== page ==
United States District Court, E.D. Missouri, Southeastern Division
MEMORANDUM AND ORDER
STEPHEN N. LIMBAUGH, JR. UNITED STATES DISTRICT JUDGE
Adam Hilse filed this lawsuit against defendant for injuries
he sustained in a motor vehicle accident with defendant Edwin
Gathecha, who was driving a tractor-trailer owned by
defendant K.N.G. Lines, Inc. while employed by defendant
Vyneria Transportation, Inc. The defendants filed a Third
Party Complaint (“TPC”) against the driver of the
vehicle in which plaintiff was a passenger (#16). The driver,
third party defendant John Chimienti, has filed a motion to
dismiss the TPC (#25).
alleges he was working as an emergency medical technician
(“EMT”) in the back of an ambulance being driven
by his co-employee, third-party defendant Chimienti.
Plaintiff was actively attending to a patient in the
ambulance when the ambulance collided with the truck driven
by defendant Gathecha. Although plaintiff alleges in the
complaint that Chimienti drove with due care, defendants
allege that Chimienti negligently operated the ambulance and
caused the accident. Defendants therefore seek contribution
from Chimienti in the TPC.
purpose of a Rule 12(b)(6) motion to dismiss is to test the
legal sufficiency of a complaint so as to eliminate those
actions “which are fatally flawed in their legal
premises and designed to fail, thereby sparing litigants the
burden of unnecessary pretrial and trial activity.”
Young v. City of St. Charles, 244 F.3d 623, 627 (8th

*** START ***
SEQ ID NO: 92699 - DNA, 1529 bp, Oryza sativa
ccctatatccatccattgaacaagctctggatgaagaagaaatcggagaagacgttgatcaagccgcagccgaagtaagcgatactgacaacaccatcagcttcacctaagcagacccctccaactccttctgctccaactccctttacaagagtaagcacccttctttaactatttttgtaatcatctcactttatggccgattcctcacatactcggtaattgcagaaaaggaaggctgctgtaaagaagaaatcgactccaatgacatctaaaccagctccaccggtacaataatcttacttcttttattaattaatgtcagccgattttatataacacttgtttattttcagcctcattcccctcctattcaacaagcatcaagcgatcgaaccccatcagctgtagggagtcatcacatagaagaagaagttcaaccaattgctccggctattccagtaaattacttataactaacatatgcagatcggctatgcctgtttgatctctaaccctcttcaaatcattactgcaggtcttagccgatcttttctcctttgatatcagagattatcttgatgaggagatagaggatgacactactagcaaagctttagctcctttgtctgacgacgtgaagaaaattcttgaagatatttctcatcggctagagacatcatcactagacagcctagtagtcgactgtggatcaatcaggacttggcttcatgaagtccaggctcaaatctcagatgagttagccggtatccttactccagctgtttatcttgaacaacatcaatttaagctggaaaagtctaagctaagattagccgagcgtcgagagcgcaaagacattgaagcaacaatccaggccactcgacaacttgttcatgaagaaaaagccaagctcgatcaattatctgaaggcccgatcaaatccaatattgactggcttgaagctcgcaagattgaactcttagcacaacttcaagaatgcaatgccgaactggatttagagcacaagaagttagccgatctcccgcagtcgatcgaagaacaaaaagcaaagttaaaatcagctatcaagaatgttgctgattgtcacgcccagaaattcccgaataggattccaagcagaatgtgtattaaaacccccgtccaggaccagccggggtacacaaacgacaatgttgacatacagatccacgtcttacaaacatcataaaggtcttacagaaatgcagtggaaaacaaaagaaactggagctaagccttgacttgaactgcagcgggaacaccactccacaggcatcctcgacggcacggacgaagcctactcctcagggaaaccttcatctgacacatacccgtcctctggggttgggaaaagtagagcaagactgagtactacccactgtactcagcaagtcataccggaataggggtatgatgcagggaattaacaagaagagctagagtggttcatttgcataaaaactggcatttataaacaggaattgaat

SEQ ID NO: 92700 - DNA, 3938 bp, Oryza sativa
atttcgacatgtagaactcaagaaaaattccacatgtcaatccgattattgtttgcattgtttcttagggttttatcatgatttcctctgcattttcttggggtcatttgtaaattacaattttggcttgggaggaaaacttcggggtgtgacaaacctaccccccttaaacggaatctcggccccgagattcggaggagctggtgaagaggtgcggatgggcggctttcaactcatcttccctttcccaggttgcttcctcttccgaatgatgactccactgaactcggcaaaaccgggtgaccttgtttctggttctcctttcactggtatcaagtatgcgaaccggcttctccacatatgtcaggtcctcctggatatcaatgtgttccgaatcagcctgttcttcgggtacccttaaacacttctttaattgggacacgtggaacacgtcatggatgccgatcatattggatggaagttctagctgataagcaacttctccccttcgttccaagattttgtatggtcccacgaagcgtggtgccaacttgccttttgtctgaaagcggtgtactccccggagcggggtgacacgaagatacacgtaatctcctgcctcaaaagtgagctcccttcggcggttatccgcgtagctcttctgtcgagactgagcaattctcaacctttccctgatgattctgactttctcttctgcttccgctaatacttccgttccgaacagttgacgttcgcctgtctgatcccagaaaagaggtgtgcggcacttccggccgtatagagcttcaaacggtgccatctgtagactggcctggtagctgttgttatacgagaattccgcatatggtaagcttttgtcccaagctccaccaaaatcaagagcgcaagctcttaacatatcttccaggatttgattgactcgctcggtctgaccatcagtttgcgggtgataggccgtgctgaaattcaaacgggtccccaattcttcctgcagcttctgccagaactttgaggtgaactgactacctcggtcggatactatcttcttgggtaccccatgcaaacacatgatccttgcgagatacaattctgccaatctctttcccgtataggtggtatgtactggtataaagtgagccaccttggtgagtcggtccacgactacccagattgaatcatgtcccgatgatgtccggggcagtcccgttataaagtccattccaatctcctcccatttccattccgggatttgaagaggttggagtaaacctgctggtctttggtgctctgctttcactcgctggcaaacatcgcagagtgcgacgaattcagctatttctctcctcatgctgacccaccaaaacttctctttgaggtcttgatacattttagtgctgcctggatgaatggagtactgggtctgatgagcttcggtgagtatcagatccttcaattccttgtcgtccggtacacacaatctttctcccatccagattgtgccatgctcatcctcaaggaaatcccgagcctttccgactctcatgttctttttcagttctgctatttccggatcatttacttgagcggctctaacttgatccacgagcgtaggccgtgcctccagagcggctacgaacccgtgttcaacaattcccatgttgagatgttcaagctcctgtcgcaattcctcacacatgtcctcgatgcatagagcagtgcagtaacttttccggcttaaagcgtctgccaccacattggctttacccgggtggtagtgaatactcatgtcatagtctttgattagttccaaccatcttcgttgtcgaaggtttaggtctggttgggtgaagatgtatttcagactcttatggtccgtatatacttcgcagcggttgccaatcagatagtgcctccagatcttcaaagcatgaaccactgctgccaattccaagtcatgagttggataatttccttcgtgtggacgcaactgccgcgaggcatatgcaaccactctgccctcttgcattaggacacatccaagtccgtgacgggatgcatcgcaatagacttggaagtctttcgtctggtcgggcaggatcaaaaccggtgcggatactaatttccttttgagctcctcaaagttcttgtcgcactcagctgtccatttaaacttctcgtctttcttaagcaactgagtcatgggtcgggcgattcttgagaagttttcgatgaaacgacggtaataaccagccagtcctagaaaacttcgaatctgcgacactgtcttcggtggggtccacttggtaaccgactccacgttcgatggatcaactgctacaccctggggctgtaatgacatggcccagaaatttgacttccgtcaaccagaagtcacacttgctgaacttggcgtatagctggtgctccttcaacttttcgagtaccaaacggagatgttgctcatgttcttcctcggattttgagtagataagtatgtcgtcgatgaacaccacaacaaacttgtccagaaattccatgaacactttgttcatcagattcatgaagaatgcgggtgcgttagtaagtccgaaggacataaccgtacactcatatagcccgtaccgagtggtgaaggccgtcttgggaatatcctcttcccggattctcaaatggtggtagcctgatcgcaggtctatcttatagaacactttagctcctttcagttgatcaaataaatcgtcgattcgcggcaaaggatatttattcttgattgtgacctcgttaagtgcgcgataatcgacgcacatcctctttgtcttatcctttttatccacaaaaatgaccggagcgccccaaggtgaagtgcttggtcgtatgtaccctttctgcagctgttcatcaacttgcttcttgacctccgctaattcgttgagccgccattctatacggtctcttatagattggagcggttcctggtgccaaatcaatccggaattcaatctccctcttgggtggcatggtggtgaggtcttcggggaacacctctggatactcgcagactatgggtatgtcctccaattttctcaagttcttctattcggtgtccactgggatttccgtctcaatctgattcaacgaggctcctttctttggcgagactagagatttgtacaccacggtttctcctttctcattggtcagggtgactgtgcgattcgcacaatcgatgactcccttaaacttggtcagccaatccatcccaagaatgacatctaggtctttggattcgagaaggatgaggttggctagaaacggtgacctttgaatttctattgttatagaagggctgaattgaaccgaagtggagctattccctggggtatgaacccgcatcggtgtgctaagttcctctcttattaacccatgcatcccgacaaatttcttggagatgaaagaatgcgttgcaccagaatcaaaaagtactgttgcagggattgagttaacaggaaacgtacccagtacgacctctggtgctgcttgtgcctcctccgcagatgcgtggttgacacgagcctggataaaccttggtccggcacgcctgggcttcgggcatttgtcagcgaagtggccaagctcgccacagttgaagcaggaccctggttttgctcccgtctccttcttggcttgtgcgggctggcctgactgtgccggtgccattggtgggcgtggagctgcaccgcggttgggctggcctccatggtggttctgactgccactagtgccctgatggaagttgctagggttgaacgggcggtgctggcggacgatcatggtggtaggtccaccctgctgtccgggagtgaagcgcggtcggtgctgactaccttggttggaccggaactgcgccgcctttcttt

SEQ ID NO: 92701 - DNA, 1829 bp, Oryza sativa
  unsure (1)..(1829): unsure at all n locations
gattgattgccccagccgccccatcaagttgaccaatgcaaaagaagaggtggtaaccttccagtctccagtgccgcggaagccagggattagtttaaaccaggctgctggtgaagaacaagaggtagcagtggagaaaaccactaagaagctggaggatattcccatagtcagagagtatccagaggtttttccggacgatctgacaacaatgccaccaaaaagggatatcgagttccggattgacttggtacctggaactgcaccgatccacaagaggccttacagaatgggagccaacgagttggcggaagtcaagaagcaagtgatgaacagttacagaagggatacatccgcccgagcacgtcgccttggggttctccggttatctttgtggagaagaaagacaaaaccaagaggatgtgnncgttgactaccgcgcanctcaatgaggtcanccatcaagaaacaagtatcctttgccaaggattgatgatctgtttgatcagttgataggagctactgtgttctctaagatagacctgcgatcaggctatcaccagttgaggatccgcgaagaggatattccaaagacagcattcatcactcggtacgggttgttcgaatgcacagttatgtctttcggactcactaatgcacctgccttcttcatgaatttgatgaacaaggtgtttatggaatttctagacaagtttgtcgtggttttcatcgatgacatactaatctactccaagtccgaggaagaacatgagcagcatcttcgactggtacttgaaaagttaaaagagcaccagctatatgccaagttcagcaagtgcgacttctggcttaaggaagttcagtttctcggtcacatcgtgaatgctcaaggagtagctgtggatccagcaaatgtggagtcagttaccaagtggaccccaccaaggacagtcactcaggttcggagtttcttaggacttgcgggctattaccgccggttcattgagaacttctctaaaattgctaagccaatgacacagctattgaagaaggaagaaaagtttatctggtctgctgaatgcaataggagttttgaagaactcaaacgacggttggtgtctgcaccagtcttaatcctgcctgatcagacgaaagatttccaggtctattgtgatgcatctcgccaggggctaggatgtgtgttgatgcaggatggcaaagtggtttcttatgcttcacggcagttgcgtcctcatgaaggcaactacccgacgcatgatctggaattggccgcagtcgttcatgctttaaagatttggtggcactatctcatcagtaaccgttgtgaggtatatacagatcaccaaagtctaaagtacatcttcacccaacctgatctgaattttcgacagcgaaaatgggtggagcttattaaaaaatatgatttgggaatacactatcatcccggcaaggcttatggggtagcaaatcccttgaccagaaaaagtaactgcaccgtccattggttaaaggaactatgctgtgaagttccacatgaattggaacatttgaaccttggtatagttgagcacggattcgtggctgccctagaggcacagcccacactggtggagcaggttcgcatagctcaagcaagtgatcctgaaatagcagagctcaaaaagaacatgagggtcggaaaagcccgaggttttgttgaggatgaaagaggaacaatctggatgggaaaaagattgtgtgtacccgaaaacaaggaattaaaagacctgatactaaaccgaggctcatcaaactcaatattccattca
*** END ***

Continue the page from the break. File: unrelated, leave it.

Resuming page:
Cir. 2001) (quoting Neitzke v. Williams, 490 U.S.
319, 326-27 (1989)). A complaint must be dismissed for
failure to state a claim upon which relief can be granted if
it does not plead “enough facts to state a claim to
relief that is plausible on its face.” Bell
Atlantic Corp. v. Twombly, 550 U.S. 544, 570 (2007)
(abrogating the prior “no set of facts” standard
set forth in Conley v. Gibson, 355 U.S. 41, 45-46
(1957)). Courts “do not require heightened fact
pleading of specifics, but only enough facts to state a claim
to relief that is plausible on its face.” Id.
at 555. A complaint must set forth factual allegations which
are enough to “raise a right to relief above the
speculative level.” Id. at 555. However, where
a court can infer from those factual allegations no more than
a “mere possibility of misconduct, ” the
complaint must be dismissed. Cole v. Homier Distributing
Co., Inc., 599 F.3d 856, 861 (8th Cir. 2010) (citing
Ashcroft v. Iqbal, 556 U.S. 662 (2009)).
maintain an action for contribution, “both the party
seeking contribution and the defendant against whom
contribution is sought must be tortfeasors, originally liable
to the plaintiff-injured party.” Gramex Corp. v.
Green Supply, Inc., 89 S.W.3d 432, 442 (Mo.
banc 2002). Third-party defendant Chimienti moves to
dismiss because he states Missouri workers compensation law
bars any claims plaintiff himself could have asserted against
Chimienti. As such, Chimienti argues that defendants'
third-party claim against him for contribution is also
workers compensation statute provides, in part:
Every employer subject to the provisions of this chapter
shall be liable, irrespective of negligence, to furnish
compensation under the provisions of this chapter for
personal injury or death of the employee by accident or
occupational disease arising out of and in the course of the
employee's employment. Any employee of such employer
shall not be liable for any injury or death for which
compensation is recoverable under this chapter and every
employer and employees of such employer shall be released
from all other liability whatsoever, whether to the employee
or any other person, except that an employee shall not be
released from liability for injury or death if the employee
engaged in an affirmative negligent act that purposefully and
dangerously caused or increased the risk of injury. The
term “accident” as used in this section shall